Britain doesn’t just glorify its violent past: it gets high on it | Afua Hirsch

British racism, is still racism even if a tiny bit less brutal than the Belgians, Germans, Japanese. Most of the people transported into slavery from what is now thought of as Africa, were transported to North, Central and South America in British and French ships. That is not something to be candied over with “we were not as brutal as the Belgian king.” Tearing apart families and enslaving people is brutal enough and needs to be healed not by candy but by admitting the wrong!


The defensive, patriotic narrative of empire has become a drug. Like all addicts, those hooked on it cannot stomach critique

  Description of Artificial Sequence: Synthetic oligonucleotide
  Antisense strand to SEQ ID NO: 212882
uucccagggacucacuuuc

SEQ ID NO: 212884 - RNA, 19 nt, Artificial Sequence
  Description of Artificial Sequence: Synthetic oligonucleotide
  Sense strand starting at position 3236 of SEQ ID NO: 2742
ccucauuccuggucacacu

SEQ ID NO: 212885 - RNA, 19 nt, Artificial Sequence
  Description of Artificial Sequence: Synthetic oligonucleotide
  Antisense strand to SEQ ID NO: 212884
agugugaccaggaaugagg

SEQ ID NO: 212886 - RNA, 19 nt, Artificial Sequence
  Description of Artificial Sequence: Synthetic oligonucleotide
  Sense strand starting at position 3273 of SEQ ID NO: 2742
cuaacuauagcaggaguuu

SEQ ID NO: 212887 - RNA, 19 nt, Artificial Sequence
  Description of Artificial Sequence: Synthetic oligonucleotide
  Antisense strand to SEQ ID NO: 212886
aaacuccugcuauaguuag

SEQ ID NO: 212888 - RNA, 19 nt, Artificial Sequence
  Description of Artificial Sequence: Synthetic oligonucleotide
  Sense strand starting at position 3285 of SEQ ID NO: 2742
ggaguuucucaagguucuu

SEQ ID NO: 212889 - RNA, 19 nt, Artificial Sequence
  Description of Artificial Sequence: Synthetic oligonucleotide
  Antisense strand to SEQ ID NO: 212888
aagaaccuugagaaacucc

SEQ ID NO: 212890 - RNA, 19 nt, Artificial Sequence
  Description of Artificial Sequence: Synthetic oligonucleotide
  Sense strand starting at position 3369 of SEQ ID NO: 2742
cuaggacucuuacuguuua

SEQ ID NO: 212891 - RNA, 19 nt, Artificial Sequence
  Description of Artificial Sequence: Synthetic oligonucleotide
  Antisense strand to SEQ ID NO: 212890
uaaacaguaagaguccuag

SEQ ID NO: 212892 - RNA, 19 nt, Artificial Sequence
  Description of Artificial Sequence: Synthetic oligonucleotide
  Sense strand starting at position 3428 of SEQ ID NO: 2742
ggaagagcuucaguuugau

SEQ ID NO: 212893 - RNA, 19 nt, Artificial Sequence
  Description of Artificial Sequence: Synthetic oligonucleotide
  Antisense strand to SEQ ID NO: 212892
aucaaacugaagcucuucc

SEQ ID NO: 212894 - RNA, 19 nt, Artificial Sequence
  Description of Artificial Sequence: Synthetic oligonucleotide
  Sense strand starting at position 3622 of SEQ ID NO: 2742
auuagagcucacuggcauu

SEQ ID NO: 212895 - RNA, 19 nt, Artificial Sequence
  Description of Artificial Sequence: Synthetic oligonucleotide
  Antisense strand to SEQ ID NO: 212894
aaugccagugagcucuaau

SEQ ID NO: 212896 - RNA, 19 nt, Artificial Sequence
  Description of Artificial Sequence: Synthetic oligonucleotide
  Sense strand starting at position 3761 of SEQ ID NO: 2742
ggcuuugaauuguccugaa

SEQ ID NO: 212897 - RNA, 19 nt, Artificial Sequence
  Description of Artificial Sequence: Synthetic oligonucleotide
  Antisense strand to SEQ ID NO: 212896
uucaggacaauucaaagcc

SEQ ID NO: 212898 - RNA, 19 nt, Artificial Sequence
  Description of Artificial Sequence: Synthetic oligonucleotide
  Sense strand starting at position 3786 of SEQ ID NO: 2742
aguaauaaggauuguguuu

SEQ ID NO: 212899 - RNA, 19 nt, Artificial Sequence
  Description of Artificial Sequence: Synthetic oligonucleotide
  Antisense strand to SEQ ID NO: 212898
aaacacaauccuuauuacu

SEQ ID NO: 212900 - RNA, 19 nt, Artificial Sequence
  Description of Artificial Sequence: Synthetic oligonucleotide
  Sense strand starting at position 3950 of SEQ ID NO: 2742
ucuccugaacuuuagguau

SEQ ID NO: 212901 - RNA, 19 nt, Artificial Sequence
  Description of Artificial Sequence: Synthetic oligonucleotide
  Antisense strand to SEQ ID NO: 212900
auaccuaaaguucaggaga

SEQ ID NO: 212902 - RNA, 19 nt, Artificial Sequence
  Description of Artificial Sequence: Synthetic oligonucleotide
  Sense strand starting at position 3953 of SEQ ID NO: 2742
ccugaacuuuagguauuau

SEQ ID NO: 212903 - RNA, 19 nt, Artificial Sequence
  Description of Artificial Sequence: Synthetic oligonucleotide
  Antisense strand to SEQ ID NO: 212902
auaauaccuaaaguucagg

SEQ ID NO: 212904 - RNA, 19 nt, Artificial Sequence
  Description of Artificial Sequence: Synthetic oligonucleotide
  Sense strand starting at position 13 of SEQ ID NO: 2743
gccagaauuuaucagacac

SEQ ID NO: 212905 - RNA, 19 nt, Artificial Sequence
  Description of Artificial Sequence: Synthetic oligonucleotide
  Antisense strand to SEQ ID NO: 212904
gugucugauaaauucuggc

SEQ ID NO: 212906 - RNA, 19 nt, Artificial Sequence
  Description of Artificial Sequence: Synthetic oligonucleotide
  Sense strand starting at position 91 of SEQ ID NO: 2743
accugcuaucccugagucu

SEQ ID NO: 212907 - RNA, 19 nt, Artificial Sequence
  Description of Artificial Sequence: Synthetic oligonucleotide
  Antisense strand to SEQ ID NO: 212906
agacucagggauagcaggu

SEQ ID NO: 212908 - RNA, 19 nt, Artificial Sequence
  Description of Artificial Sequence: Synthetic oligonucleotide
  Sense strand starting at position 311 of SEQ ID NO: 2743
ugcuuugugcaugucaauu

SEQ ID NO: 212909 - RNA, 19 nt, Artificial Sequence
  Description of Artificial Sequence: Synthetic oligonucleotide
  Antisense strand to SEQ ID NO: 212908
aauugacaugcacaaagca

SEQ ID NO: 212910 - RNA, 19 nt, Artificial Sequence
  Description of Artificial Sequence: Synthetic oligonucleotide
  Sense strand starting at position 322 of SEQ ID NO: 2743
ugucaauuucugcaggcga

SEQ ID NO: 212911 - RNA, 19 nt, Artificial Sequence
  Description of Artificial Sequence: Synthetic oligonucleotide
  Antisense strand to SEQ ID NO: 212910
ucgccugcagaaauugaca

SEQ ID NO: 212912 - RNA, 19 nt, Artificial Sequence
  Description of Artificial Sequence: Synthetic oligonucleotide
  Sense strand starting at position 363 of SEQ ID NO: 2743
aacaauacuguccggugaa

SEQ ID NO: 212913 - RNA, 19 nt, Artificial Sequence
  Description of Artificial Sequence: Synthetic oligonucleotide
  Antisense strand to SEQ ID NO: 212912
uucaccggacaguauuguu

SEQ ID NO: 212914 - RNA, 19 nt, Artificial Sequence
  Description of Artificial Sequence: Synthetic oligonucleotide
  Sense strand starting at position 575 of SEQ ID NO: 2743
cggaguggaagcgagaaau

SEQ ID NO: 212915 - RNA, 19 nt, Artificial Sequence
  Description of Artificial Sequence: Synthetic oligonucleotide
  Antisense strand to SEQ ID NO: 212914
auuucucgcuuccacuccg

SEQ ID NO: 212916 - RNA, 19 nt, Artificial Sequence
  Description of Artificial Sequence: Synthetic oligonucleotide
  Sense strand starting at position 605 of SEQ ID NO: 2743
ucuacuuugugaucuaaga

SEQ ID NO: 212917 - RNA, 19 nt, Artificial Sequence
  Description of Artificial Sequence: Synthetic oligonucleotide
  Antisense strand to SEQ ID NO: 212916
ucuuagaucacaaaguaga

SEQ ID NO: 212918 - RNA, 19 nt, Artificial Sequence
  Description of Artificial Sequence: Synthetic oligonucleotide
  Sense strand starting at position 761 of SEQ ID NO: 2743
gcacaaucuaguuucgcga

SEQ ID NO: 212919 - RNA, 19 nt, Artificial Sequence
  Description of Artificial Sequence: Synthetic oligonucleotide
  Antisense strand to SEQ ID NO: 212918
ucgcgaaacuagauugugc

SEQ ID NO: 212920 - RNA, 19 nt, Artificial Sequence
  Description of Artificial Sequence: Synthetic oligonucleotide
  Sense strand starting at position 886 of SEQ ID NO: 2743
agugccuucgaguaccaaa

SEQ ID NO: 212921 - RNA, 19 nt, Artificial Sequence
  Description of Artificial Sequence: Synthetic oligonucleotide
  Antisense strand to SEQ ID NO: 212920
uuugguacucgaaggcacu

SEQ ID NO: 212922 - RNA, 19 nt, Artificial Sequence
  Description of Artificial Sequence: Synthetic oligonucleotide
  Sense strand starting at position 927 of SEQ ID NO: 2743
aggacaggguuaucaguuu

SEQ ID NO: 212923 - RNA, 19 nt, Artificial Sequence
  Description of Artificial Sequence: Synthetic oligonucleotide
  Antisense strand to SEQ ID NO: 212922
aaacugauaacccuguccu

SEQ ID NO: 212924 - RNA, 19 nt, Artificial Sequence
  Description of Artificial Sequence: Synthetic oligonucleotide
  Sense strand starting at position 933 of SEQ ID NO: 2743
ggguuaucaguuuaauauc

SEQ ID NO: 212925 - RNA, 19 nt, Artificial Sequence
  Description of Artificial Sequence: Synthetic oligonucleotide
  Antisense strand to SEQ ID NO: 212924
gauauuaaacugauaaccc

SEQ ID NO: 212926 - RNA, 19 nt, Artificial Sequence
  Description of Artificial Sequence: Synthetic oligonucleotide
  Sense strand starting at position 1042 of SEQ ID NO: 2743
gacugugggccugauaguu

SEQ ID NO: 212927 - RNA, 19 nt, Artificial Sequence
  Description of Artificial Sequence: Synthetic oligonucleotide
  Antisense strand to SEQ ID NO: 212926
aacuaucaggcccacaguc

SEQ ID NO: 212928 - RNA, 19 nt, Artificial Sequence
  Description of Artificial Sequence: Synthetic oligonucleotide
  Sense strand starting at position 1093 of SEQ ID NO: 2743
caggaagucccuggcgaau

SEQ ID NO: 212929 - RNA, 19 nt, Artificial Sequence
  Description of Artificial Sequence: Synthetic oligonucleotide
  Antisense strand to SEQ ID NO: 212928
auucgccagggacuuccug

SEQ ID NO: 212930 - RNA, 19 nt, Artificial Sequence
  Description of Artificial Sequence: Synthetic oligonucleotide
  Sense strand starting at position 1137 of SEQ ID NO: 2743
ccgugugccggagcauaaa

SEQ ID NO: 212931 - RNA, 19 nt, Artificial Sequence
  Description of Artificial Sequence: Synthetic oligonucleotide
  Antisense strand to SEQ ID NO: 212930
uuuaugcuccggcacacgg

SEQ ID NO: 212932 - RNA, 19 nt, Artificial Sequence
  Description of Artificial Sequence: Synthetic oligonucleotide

It feels like I live in the middle of a culture war. On one side is a kind of state-sponsored amnesia. It’s pervasive. It’s an Oscar-winning movie perpetuating the idea that Winston Churchill stood alone, at the Darkest Hour, as Nazi fascism encroached, with Britain a small and vulnerable nation isolated in the north Atlantic. In reality the United Kingdom was at that moment an imperial power with the collective might of Indian, African, Canadian and Australian manpower, resources and wealth at its disposal.

It’s also Poland passing a law so that errant historians, survivors or Auschwitz guides who raise the inconvenient fact of Polish complicity in atrocities now risk up to three years’ imprisonment. It’s Tennessee in the US legislating against the removal of Confederate statues when, as the former New Orleans mayor Mitch Landrieu puts it, they “purposefully celebrate a fictional, sanitised Confederacy; ignoring the death, ignoring the enslavement, and the terror that it actually stood for”.

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